• performance indicators to guide learners about the required characteristics of work to meet standards/ratings. While these are typically based on the criterion/ia standard elements to be assessed, performance indicators can serve to contextualise standard elements in light of the specific requirements of a particular assessment instrument.

Frequency of assessment

Teachers/assessors should schedule sufficient assessment tasks to enable them to provide valid, fair and reliable assessments. Once having clearly achieved a standard, learners should be provided with opportunities to improve their criteria ratings, or to focus on other assessed learning outcomes where remaining time could be spent to improve achievement.

Course providers should determine:
  • when to use developmental forms of assessment (formative assessments which do not contribute to final assessments) to provide assessment experience for learners or to assess the progress of learners
  • when to schedule assessments that contribute to learners' final assessment (see 'Planning course delivery and assessment' above)
  • the extent to which learners are permitted to undertake additional summative assessment tasks so that the opportunity exists for them to best demonstrate achievement of particular assessed learning outcomes.

Validity of assessment

The assessment program for a TASC course should be a set of tasks that provides comprehensive coverage of all assessed learning outcomes and meets the requirements of the course.
Providers should use diverse assessment methods, for example, observations, assignments, tests, peer and self-assessment, and oral presentations, and should ensure that the methods selected enable learners clearly to demonstrate achievement. Tasks can be designed to enable assessment of more than one criterion (including external assessment tasks). It is most unlikely, however, that all the assessment requirements for a course could be assessed using one single piece of work.
Providers should take care not to over assess a particular learning outcome by including it as an assessable aspect of many tasks. For example, it is feasible to assess a particular learning outcome, such as "communicate ideas and information", in almost everything a learner undertakes in a course.

Assessment quality and equity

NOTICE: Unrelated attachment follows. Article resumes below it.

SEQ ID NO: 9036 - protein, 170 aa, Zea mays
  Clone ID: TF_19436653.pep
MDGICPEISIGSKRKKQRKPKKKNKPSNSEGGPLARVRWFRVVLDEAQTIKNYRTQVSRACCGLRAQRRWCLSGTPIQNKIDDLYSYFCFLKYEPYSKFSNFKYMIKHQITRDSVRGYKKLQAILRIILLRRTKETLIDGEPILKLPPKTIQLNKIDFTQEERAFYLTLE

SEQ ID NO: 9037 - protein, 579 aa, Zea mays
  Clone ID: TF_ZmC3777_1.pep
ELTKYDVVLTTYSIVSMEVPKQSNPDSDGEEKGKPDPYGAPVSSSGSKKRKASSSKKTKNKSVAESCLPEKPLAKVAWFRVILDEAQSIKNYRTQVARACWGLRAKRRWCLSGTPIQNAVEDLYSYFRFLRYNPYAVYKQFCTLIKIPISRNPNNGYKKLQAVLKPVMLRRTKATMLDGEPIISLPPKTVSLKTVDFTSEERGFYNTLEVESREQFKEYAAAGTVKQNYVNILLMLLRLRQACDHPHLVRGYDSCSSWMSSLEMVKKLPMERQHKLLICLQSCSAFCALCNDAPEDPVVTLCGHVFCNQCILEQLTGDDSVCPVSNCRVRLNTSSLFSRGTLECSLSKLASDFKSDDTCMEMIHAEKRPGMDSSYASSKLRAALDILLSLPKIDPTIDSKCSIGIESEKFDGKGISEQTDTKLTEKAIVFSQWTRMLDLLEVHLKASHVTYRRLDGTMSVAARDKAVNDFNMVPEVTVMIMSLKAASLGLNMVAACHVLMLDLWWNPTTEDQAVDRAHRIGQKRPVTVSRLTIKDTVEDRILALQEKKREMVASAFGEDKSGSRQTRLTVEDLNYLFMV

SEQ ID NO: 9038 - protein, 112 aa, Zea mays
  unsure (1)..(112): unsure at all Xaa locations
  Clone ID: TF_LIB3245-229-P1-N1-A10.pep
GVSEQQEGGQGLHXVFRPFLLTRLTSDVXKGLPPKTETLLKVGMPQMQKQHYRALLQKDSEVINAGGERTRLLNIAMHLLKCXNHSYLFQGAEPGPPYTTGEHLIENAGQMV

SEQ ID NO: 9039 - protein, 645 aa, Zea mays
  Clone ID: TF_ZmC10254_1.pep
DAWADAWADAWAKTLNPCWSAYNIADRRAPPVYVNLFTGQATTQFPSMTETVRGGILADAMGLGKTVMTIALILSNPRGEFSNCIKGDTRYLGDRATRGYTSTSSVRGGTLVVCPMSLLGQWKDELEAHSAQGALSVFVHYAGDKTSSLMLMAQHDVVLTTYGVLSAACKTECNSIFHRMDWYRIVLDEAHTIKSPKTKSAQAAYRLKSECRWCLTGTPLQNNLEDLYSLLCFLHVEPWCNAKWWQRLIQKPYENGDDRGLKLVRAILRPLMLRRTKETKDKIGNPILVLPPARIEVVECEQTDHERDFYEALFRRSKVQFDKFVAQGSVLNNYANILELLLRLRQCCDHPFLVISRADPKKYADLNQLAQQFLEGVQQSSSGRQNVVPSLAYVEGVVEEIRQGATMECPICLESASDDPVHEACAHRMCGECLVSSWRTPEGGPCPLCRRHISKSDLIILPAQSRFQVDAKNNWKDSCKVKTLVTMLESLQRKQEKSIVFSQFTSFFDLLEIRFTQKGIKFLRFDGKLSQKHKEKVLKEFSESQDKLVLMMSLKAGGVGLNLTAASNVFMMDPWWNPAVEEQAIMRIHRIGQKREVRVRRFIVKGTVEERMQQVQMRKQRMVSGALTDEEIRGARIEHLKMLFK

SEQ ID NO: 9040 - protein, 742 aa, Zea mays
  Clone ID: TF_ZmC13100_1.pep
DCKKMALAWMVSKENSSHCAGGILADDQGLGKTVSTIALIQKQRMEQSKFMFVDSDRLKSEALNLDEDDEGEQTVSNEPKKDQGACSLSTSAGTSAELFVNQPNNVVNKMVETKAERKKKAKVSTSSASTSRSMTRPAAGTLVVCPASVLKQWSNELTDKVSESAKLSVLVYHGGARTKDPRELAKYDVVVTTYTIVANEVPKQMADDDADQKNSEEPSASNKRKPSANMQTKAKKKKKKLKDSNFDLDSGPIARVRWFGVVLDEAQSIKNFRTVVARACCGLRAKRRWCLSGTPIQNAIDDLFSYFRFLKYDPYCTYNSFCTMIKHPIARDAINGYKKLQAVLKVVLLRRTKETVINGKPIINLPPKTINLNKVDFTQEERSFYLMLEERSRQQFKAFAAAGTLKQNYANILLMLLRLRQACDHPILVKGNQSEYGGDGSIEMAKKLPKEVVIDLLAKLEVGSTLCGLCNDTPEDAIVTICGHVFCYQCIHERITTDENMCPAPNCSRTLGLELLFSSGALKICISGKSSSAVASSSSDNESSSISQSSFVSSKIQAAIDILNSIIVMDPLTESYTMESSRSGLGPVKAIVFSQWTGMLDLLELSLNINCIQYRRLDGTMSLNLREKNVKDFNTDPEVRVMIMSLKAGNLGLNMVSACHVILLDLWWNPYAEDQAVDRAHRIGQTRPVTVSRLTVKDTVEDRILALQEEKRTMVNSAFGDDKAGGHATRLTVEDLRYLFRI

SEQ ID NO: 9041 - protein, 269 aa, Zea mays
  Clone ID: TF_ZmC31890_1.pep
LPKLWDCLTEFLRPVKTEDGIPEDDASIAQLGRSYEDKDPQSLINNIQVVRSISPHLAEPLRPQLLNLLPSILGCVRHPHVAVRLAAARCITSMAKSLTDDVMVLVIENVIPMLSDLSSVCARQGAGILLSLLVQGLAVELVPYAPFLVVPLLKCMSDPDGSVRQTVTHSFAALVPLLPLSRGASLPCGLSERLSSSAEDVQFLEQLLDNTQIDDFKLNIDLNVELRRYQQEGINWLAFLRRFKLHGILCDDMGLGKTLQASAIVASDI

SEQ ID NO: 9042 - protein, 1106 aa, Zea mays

Assessment instruments specify the tasks which measure learners' attainment of the knowledge, skills, and competencies defined in and required by a course. Providers should take care that assessment tasks and conditions do not privilege certain groups of learners because of varying socio-economic, cultural, gender, and linguistic backgrounds. External assessments are expected to meet these standards for quality and equity.

Each assessment instrument should:
  • give learners clear and definite instructions
  • specify the assessed learning outcomes for which it has been set (even though these may differ according to the needs of the individuals in the class)
  • in the case of summative assessments, be used under clear, definite and specified conditions that are substantially the same for all
  • be used under conditions that do not present an inappropriate barrier to the equal participation of all.

Each assessment task should:
  • clearly assess what it is intended to assess
  • include specialist language or jargon only as an aid to clarity and accuracy
  • avoid gratuitous reference to gender, socio-economic, ethnic or other cultural stereotypes
  • maximise learners' opportunities to demonstrate achievement by being clearly presented through appropriate choice of layout, cues and visual design
  • use as background material and require as assumed knowledge only that to which learners may reasonably be expected to have had ready access.

Requirements for Internal Assessment

For learners' internal assessments to be approved by TASC, providers must ensure that:
  • the course of study complies with requirements specified in the course documentation
  • each learner's performance is assessed against assessed learning outcomes stated in the course against the standards provided by TASC for that course